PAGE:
Nick Cave discusses the 'impotent rage' behind his latest group Grinderman, his fetish for violence and how Kylie Minogue killed his career in Japan
Nick Cave turns 50 this year. For his longtime fans, mesmerized as much by his self- destructive habits — heroin and drink and a penchant for wild women — as by his gothic, melancholic music, it is nothing short of a miracle. He seemed doomed to die young and leave, if not a beautiful corpse, than at least a striking one, his gaunt frame and sullen stare leavened by an absurdly lovely face worthy of a Caravaggio.
"It feels OK," says Cave on reaching 50, sounding chipper and voluble on the phone from Brighton, England, his young sons tootling away at a piano in the background in the home that he shares with his wife, former model Susie Blick. "I guess you tend to feel more invisible. You don't have as much impact on the things around you."
Family life seems to agree with him and brought with it unprecedented productivity. "The Proposition," an Australian Western based on his screenplay, won a screenwriting award at last year's Venice Film Festival, and he will record a new album in June with his longtime group The Bad Seeds.
Only an occasional broad vowel betrays his Australian roots. From his early days as an art student in Melbourne in the late 1970s, Cave has been pushing at extremes. After moving to London, he fronted proto-noise punk group The Birthday Party, famous for shows that were as much melees as gigs. In his work over the last 20 years with his next group, The Bad Seeds, his songs have obsessed over death and ruined romance.
Yet the personal dramas and the dark posturing hid a serious artist. Cave was always more Lord Byron than Sid Vicious. Even The Birthday Party, celebrated as one the first noise groups, was not haphazard. Their album "Junkyard," more than 30 years old, still sounds strikingly modern.
The words to Bad Seeds songs have the gritty intenseness of blues poetry. His lyrics were published in 1989 in book form as "King Ink."
Cave never attained mainstream stardom (though he has had top 10 singles in the U.K. and Australia, including his duet with Kylie Minogue, "Where the Wild Roses Grow"), but within the confines of '80s and '90s alternative rock, he was the dark poet prince, the fantasy suitor of girls who dressed in black and read Sylvia Plath and Arthur Rimbaud.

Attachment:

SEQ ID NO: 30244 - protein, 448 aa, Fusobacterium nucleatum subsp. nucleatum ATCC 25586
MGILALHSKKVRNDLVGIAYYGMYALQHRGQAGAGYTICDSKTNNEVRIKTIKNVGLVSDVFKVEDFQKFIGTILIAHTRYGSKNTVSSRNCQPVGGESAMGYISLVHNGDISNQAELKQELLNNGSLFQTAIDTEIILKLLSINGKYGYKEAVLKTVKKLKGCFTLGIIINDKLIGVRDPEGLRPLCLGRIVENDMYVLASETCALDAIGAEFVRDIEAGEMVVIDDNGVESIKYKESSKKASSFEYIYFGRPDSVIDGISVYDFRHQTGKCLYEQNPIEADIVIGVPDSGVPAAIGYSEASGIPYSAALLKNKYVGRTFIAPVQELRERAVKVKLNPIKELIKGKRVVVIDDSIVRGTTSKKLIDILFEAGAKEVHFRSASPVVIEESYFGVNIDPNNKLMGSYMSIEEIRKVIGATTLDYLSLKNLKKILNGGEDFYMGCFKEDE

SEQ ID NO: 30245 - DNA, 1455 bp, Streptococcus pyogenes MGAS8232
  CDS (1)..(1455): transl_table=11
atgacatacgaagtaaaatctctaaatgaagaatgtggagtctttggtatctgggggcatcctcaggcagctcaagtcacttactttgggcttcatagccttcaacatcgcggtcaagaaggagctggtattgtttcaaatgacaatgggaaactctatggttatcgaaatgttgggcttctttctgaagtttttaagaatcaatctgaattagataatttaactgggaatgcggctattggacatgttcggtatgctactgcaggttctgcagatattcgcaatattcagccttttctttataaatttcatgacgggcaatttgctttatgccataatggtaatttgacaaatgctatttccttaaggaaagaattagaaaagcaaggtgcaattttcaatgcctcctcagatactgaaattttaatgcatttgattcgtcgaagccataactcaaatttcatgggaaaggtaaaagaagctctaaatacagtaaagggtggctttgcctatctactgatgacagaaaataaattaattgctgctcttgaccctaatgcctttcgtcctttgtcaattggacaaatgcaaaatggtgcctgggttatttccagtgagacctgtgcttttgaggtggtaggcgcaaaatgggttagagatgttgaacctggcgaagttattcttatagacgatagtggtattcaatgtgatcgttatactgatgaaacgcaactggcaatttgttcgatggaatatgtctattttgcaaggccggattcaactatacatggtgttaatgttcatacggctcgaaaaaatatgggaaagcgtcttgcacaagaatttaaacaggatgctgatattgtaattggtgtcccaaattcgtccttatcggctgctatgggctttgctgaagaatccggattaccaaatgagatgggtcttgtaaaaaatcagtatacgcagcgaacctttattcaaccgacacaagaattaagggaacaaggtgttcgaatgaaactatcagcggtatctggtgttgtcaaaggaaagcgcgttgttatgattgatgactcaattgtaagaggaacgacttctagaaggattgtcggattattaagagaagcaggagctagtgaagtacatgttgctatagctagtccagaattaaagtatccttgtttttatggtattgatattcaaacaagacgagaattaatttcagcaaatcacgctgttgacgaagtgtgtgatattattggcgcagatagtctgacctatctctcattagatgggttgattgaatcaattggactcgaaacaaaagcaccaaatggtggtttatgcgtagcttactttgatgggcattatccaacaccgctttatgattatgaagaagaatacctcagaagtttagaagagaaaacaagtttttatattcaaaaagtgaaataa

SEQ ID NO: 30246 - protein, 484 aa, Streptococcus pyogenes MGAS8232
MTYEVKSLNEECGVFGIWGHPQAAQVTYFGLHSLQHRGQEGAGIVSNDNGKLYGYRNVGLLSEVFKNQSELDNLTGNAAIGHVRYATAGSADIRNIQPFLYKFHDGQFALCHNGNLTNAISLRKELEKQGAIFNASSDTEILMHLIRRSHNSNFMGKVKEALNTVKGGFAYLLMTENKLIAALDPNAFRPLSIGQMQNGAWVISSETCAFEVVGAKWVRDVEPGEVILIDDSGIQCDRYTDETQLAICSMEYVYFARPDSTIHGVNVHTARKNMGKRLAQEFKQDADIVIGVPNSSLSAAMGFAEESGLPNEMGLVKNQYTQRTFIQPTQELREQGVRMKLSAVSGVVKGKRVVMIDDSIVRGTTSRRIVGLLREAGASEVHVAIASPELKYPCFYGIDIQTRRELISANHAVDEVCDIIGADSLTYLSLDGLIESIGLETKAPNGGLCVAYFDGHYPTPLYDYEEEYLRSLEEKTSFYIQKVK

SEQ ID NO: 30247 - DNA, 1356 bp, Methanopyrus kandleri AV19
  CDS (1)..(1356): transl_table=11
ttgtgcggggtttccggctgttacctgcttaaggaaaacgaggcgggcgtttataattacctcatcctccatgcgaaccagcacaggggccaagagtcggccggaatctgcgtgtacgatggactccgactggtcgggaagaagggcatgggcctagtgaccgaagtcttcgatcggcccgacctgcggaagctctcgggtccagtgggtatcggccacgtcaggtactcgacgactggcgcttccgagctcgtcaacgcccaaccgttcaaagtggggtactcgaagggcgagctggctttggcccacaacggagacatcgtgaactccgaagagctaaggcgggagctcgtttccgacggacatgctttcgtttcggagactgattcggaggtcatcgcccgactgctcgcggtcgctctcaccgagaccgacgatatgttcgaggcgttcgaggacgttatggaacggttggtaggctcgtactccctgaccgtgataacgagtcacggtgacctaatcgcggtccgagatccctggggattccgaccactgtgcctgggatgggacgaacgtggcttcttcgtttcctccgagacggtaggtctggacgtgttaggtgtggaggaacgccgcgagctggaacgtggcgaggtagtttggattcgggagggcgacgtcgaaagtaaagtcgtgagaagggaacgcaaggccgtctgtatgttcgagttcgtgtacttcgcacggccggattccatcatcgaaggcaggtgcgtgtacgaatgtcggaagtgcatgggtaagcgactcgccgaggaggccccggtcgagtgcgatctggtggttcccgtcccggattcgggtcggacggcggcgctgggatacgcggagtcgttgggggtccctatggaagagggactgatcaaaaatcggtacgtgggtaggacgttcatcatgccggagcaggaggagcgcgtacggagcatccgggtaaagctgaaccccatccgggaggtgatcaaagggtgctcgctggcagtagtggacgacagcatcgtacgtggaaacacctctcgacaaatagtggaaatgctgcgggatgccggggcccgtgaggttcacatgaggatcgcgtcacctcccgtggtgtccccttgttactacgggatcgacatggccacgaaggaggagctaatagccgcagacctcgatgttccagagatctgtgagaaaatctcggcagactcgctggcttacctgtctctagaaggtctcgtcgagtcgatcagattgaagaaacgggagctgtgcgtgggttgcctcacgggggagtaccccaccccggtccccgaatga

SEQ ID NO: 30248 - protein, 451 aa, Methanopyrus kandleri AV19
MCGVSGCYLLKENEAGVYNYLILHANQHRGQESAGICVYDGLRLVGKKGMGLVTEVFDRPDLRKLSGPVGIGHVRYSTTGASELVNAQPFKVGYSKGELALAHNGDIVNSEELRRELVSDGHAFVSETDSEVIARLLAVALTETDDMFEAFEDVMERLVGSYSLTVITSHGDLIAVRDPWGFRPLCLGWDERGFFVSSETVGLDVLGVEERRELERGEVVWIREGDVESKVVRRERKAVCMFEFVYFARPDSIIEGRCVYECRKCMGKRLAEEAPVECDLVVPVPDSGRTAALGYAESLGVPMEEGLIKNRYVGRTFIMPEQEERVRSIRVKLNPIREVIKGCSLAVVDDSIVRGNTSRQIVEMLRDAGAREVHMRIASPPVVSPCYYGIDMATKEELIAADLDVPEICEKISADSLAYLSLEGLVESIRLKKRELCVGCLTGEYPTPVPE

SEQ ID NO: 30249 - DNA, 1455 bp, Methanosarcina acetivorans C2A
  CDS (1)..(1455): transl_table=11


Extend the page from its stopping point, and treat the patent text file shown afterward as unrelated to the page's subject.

Cave has aged gracefully. His attraction to extreme emotion — violence, murder, infatuation — has ceased to define his own persona. Though the characters in his songs still love, kill and maim with a vengeance, he has become a troubled troubadour along the lines of Tom Waits or Leonard Cohen, or even Johnny Cash.
Nick Cave in song, on screen and in print
1957: Born in Victoria, Australia
1977: Forms Boys Next Door at art school in Melbourne
1980: Band changes name to The Birthday Party; moves to London and puts out first international release, the "Prayers on Fire" LP
1983: The band moves to West Berlin and splits soon after. Cave works with guitarist Blixa Bargeld, Einsturzende Neubauten founder
1984: First Bad Seeds album "From Her to Eternity" released
1987: Appears in Wim Wenders' film "Wings of Desire"
1986: Publishes novel, "And The Ass Saw The Angel"
1996: Releases the hit song "Where the Wild Roses Grow," a duet with Kylie Minogue. Accompanying album "Murder Ballads" becomes Cave's most successful to date
2000: Johnny Cash covers Cave's signature song "The Mercy Seat" on the album "American III: Solitary Man"
2006: Forms Grinderman
"I am clearer and more focused than I was before, and less self-obsessed," Cave says. "That is very much part of a certain kind of lifestyle and that allows you to look outside of yourself a little bit and in doing that, it can be quite chastening: To actually see the way that the world is and the way that the world works.
"So I think that I am much angrier than I was 10 years ago, when I was very much in my own world. And I can also see other things. I can see a lot of beauty in the world and maybe I wasn't able to see that as well either."
He even takes his kids to the local play park. Nick Cave, the brooding Heathcliff of the indie-rock generation, amid a pack of screaming children?
"I was forced into a corner [by my kids]," he says with a laugh. "And in my defense I wrote one of the most misanthropic songs I have ever written in my life."
That song is "Go Tell the Women" from the eponymous album by his newest project Grinderman. It isn't so much a new group as a new incarnation of The Bad Seeds with three of the same members: Jim Sclavunos (drums), Martyn Casey (bass) and Warren Ellis (guitar).
Like much of Grinderman's debut album, "Go Tell the Women," at least superficially, deals with the battle of the sexes. Cave narrates a laundry list of achievements of modern men denied their rightful due of sex by whining women. "No Pussy Blues," another cut on the album, is, as its name implies, about a guy who despite his best behavior — combing his hair, fixing things around the house — just can't get any. For Cave, though, impotence is both literal and figurative.